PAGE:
One of the most important and widely used functions of VBA is the Chr function. In this article, I’ll show you how you can use the VBA Chr function with proper examples and illustrations.
VBA Chr Function (Quick View)
When you run it, it’ll return “A”, because 65 is the ASCII code of “A”.
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An Introduction to the VBA Chr Function
The Chr function in VBA takes a number between 0 to 255 and returns the corresponding ASCII character of the number.
For example, Chr (65) = A
Chr (90) = Z
If you put a number greater than 255 within the Chr function, it’ll return an error.
Therefore, the syntax of the Chr function is:
=Chr(CharCode As Long)
|Argument||Required / Optional||Explanation|
|CharCode||Required||The integer between 0 to 255 of which the corresponding ASCII character will be returned. Must be an integer between 0 to 255.|
⧭ Return Value:
Returns the corresponding ASCII character of the given integer as CharCode.
2 Examples to Use the VBA Chr Function
Now we’ll see a few examples of how to use the Chr function inside VBA codes.
Example 1: Converting any Character to LowerCase or UpperCase using the VBA Chr Function
You can convert any character to LowerCase or UpperCase using the Chr function of VBA.
Here we’ve got a data set with the IDs, Names, and Home Countries of some employees of a company called Jupyter group.
But mistakenly, the firstmost characters of the Home Countries have been made with LowerCase letters, other than UpperCase ones.
Now, we’ll develop a VBA code using the Chr function to turn the leftmost characters from LowerCase to UpperCase.
First, we have to take the leftmost character of the country names using the Left function of VBA.
First_Character = Left(Country_Name,1)
Then we convert it to its ASCII code using the Asc function of VBA.
First_Character = Asc(First_Character)
Now we convert it to the ASCII code of its LowerCase character by subtracting 32 from it. [The difference of the ASCII codes between a LowerCase and an UpperCase character is 32.]
First_Character = First_Character - 32
Then we again convert it to the character using the Chr function.
First_Character = Chr(First_Character)
Finally, we set it as the first character of the country name with the Right function of VBA.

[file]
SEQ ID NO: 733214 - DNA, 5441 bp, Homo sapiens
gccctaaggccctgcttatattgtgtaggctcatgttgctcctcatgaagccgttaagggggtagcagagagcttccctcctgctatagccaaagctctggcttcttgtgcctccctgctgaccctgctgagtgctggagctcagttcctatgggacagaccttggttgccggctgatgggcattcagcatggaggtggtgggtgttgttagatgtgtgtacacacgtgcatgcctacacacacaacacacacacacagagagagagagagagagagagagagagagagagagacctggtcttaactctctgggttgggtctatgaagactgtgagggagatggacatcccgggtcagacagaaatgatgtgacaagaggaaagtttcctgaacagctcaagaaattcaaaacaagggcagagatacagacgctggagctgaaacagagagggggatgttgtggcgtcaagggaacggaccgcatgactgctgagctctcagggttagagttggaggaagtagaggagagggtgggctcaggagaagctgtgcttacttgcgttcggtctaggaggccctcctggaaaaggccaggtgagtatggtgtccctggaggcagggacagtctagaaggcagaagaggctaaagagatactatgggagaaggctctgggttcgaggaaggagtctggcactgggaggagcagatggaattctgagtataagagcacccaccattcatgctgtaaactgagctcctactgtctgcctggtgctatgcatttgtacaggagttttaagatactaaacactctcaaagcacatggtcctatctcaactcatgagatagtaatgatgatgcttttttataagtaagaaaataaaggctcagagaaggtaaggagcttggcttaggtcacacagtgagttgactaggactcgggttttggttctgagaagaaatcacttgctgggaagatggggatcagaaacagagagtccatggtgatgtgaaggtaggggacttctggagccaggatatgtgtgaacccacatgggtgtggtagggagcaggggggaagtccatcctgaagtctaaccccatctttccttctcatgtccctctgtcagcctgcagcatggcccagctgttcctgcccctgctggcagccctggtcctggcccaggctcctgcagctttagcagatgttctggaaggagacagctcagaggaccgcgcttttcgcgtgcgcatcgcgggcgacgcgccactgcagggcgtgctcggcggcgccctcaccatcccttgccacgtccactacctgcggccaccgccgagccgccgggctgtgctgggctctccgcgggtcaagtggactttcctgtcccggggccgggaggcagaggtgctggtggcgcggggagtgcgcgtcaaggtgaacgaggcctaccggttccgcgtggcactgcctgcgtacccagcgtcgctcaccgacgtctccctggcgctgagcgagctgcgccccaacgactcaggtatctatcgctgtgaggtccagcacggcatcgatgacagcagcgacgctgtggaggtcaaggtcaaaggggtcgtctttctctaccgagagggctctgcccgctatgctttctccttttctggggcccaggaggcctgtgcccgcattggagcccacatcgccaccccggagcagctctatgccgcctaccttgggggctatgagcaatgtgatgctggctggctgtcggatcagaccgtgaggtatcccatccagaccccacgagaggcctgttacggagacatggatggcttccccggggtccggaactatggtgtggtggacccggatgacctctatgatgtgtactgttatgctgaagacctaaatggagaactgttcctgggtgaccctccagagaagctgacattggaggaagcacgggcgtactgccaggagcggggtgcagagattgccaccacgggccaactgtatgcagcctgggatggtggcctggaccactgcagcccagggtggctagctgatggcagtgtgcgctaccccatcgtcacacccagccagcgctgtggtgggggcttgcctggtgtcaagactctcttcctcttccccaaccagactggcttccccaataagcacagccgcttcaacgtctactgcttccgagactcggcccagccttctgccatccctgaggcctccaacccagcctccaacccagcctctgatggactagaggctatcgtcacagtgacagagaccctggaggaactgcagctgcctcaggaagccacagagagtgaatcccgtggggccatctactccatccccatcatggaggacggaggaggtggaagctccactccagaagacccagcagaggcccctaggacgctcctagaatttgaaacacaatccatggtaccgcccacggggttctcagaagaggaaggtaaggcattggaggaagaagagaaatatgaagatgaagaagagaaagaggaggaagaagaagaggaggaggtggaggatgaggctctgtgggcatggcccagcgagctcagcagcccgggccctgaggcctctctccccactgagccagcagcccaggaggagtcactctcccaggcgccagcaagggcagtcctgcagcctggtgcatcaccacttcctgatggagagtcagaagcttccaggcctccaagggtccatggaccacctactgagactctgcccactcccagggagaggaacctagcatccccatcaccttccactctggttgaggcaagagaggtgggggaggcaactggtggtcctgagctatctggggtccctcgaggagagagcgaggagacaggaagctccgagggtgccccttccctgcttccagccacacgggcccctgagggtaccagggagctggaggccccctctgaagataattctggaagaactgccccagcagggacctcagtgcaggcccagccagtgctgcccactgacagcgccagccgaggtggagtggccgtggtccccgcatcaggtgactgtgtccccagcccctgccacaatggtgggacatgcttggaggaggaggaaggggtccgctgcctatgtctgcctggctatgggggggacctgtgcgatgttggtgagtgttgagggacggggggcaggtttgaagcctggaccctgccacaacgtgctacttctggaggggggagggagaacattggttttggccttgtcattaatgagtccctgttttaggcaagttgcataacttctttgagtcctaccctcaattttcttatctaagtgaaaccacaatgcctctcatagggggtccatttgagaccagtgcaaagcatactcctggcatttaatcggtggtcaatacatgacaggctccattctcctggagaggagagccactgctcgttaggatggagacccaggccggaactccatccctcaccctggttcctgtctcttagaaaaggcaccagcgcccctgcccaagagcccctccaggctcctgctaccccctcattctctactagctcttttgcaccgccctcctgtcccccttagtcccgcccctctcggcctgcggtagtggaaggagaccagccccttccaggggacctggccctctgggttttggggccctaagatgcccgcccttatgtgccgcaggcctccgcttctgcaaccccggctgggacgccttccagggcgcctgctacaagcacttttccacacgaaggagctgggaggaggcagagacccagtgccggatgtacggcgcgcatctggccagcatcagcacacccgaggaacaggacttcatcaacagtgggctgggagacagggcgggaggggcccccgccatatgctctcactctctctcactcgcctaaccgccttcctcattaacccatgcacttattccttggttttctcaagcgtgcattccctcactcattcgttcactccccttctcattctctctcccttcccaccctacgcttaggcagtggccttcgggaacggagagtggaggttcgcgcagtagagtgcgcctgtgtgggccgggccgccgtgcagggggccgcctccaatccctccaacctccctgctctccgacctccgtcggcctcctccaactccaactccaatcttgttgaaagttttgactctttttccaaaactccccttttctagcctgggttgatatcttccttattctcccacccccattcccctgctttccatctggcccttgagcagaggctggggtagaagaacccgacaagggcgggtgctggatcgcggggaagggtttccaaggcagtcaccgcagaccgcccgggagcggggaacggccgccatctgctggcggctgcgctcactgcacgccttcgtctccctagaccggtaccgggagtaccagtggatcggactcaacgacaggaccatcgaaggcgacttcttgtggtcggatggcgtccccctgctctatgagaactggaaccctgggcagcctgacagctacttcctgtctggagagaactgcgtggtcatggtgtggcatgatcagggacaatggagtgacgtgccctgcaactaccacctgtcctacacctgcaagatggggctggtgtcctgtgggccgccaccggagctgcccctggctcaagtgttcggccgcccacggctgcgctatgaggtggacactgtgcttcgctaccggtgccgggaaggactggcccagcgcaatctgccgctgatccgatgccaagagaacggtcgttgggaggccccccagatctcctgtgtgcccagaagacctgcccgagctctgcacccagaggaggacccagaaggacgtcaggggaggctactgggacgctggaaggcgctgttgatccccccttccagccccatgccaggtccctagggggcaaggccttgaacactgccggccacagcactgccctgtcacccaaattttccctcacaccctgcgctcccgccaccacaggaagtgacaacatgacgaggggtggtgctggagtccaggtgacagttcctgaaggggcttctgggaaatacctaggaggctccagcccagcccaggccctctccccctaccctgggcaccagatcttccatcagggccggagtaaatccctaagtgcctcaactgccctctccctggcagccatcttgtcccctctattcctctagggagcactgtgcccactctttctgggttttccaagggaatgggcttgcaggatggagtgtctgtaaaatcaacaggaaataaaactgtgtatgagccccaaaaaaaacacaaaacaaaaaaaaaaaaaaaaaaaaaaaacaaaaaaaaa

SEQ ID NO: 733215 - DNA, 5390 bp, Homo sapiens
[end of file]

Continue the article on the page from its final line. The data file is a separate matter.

Country_Name = First_Character + Right(Country_Name, Len(Country_Name) - 1)
So the complete VBA code is:
⧭ VBA Code:
Sub Converting_LowerCase_to_UpperCase() For i = 1 To Selection.Rows.Count For j = 1 To Selection.Columns.Count Country_Name = Selection.Cells(i, j) First_Character = Left(Country_Name, 1) First_Character = Asc(First_Character) First_Character = First_Character - 32 First_Character = Chr(First_Character) Country_Name = First_Character + Right(Country_Name, Len(Country_Name) - 1) Selection.Cells(i, j) = Country_Name Next j Next i End Sub
Select the home countries from the data set and run the Macro (Converting_LowerCase_to_UpperCase).
It’ll convert the first characters of home countries to their uppercase letters.
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Example 2: Checking whether a Password Contains A Specific Character or Not
We can use the Chr function of VBA to check whether a password contains a specific character or not.
Let’s check whether the password contains the special character “@” or not.
First, we’ll use an Input Box to take the password as input.
Password = InputBox("Enter the Password: ")
Then we set an integer called Count to keep the track of the specific character.
Count = 0
Then we have to iterate through each character of the password and check whether it is equal to Chr(64) or not. [64 is the ASCII code of “@”].
For i = 1 To Len(Password) If Mid(Password, i, 1) = Chr(64) Then Count = Count + 1 End If Next i
Finally, if Count is greater than 0, then the specific character is present one or more times. Otherwise not.
If Count > 0 Then MsgBox "The Password is Valid." Else MsgBox "The Password is not Valid." End If
So, the complete VBA code will be:
⧭ VBA Code:
Sub Checking_whether_a_Password_Contains_Numeric_Value() Password = InputBox("Enter the Password: ") Count = 0 For i = 1 To Len(Password) If Mid(Password, i, 1) = Chr(64) Then Count = Count + 1 End If Next i If Count > 0 Then MsgBox "The Password is Valid." Else MsgBox "The Password is not Valid." End If End Sub
Run the code. It’ll display an Inputbox and ask for the password.
Here I’ve inserted a password with the special character “@”.
Then I clicked OK. It’ll display “The Password is Valid.”, because there is a “@” in the password.
Related Content: Excel VBA ASC() Function – Get ASCII Value of Character
Things to Remember
Up till now, we have used the Chr function of VBA. Besides the Chr function, there are two more functions called ChrB and ChrW that perform almost the same task. If you are interested, you can learn them in detail.
Using these methods, you can use the Chr function of VBA. Do you have any questions? Feel free to ask us.